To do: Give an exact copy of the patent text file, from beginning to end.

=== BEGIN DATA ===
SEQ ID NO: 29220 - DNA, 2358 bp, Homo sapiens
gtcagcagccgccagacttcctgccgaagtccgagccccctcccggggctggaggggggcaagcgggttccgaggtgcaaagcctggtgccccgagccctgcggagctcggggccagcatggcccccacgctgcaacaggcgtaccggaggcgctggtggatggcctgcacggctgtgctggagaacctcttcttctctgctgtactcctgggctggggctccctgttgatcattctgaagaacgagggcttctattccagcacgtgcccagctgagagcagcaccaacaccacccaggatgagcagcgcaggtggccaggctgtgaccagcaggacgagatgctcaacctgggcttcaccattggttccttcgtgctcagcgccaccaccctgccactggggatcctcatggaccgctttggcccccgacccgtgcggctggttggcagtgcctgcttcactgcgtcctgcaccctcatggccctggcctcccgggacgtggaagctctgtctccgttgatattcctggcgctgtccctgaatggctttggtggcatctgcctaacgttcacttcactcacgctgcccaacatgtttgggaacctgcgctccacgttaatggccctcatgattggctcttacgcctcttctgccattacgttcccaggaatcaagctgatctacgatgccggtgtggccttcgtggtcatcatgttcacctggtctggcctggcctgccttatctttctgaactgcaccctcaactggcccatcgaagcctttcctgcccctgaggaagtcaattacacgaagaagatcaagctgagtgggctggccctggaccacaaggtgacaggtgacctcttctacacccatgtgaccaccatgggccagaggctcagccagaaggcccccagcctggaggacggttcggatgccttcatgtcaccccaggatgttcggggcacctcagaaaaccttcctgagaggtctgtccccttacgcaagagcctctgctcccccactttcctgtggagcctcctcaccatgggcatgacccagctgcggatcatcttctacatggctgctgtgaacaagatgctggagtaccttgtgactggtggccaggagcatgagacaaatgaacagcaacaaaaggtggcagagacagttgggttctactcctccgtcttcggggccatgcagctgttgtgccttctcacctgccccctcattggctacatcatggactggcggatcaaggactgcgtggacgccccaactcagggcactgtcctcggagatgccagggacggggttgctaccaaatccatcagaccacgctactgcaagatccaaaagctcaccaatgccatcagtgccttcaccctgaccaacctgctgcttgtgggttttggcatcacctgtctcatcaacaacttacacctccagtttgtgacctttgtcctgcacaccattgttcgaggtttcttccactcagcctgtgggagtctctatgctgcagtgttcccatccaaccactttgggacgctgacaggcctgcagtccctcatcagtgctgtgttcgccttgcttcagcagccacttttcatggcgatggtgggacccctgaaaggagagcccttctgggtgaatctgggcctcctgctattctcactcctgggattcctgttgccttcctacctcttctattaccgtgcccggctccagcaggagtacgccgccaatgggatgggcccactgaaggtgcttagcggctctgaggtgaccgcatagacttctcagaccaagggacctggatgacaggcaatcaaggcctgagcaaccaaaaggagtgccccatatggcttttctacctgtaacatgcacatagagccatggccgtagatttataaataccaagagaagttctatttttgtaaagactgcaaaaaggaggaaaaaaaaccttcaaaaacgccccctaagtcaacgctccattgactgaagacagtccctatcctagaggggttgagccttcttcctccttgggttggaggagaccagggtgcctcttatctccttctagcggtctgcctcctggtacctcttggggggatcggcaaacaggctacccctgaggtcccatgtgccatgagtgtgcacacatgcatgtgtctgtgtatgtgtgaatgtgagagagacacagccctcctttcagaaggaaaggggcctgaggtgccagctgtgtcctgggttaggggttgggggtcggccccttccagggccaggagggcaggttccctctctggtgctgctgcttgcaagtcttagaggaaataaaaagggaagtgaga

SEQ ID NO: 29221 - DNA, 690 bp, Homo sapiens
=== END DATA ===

SEQ ID NO: 29220 - DNA, 2358 bp, Homo sapiens
gtcagcagccgccagacttcctgccgaagtccgagccccctcccggggctggaggggggcaagcgggttccgaggtgcaaagcctggtgccccgagccctgcggagctcggggccagcatggcccccacgctgcaacaggcgtaccggaggcgctggtggatggcctgcacggctgtgctggagaacctcttcttctctgctgtactcctgggctggggctccctgttgatcattctgaagaacgagggcttctattccagcacgtgcccagctgagagcagcaccaacaccacccaggatgagcagcgcaggtggccaggctgtgaccagcaggacgagatgctcaacctgggcttcaccattggttccttcgtgctcagcgccaccaccctgccactggggatcctcatggaccgctttggcccccgacccgtgcggctggttggcagtgcctgcttcactgcgtcctgcaccctcatggccctggcctcccgggacgtggaagctctgtctccgttgatattcctggcgctgtccctgaatggctttggtggcatctgcctaacgttcacttcactcacgctgcccaacatgtttgggaacctgcgctccacgttaatggccctcatgattggctcttacgcctcttctgccattacgttcccaggaatcaagctgatctacgatgccggtgtggccttcgtggtcatcatgttcacctggtctggcctggcctgccttatctttctgaactgcaccctcaactggcccatcgaagcctttcctgcccctgaggaagtcaattacacgaagaagatcaagctgagtgggctggccctggaccacaaggtgacaggtgacctcttctacacccatgtgaccaccatgggccagaggctcagccagaaggcccccagcctggaggacggttcggatgccttcatgtcaccccaggatgttcggggcacctcagaaaaccttcctgagaggtctgtccccttacgcaagagcctctgctcccccactttcctgtggagcctcctcaccatgggcatgacccagctgcggatcatcttctacatggctgctgtgaacaagatgctggagtaccttgtgactggtggccaggagcatgagacaaatgaacagcaacaaaaggtggcagagacagttgggttctactcctccgtcttcggggccatgcagctgttgtgccttctcacctgccccctcattggctacatcatggactggcggatcaaggactgcgtggacgccccaactcagggcactgtcctcggagatgccagggacggggttgctaccaaatccatcagaccacgctactgcaagatccaaaagctcaccaatgccatcagtgccttcaccctgaccaacctgctgcttgtgggttttggcatcacctgtctcatcaacaacttacacctccagtttgtgacctttgtcctgcacaccattgttcgaggtttcttccactcagcctgtgggagtctctatgctgcagtgttcccatccaaccactttgggacgctgacaggcctgcagtccctcatcagtgctgtgttcgccttgcttcagcagccacttttcatggcgatggtgggacccctgaaaggagagcccttctgggtgaatctgggcctcctgctattctcactcctgggattcctgttgccttcctacctcttctattaccgtgcccggctccagcaggagtacgccgccaatgggatgggcccactgaaggtgcttagcggctctgaggtgaccgcatagacttctcagaccaagggacctggatgacaggcaatcaaggcctgagcaaccaaaaggagtgccccatatggcttttctacctgtaacatgcacatagagccatggccgtagatttataaataccaagagaagttctatttttgtaaagactgcaaaaaggaggaaaaaaaaccttcaaaaacgccccctaagtcaacgctccattgactgaagacagtccctatcctagaggggttgagccttcttcctccttgggttggaggagaccagggtgcctcttatctccttctagcggtctgcctcctggtacctcttggggggatcggcaaacaggctacccctgaggtcccatgtgccatgagtgtgcacacatgcatgtgtctgtgtatgtgtgaatgtgagagagacacagccctcctttcagaaggaaaggggcctgaggtgccagctgtgtcctgggttaggggttgggggtcggccccttccagggccaggagggcaggttccctctctggtgctgctgcttgcaagtcttagaggaaataaaaagggaagtgaga

SEQ ID NO: 29221 - DNA, 690 bp, Homo sapiens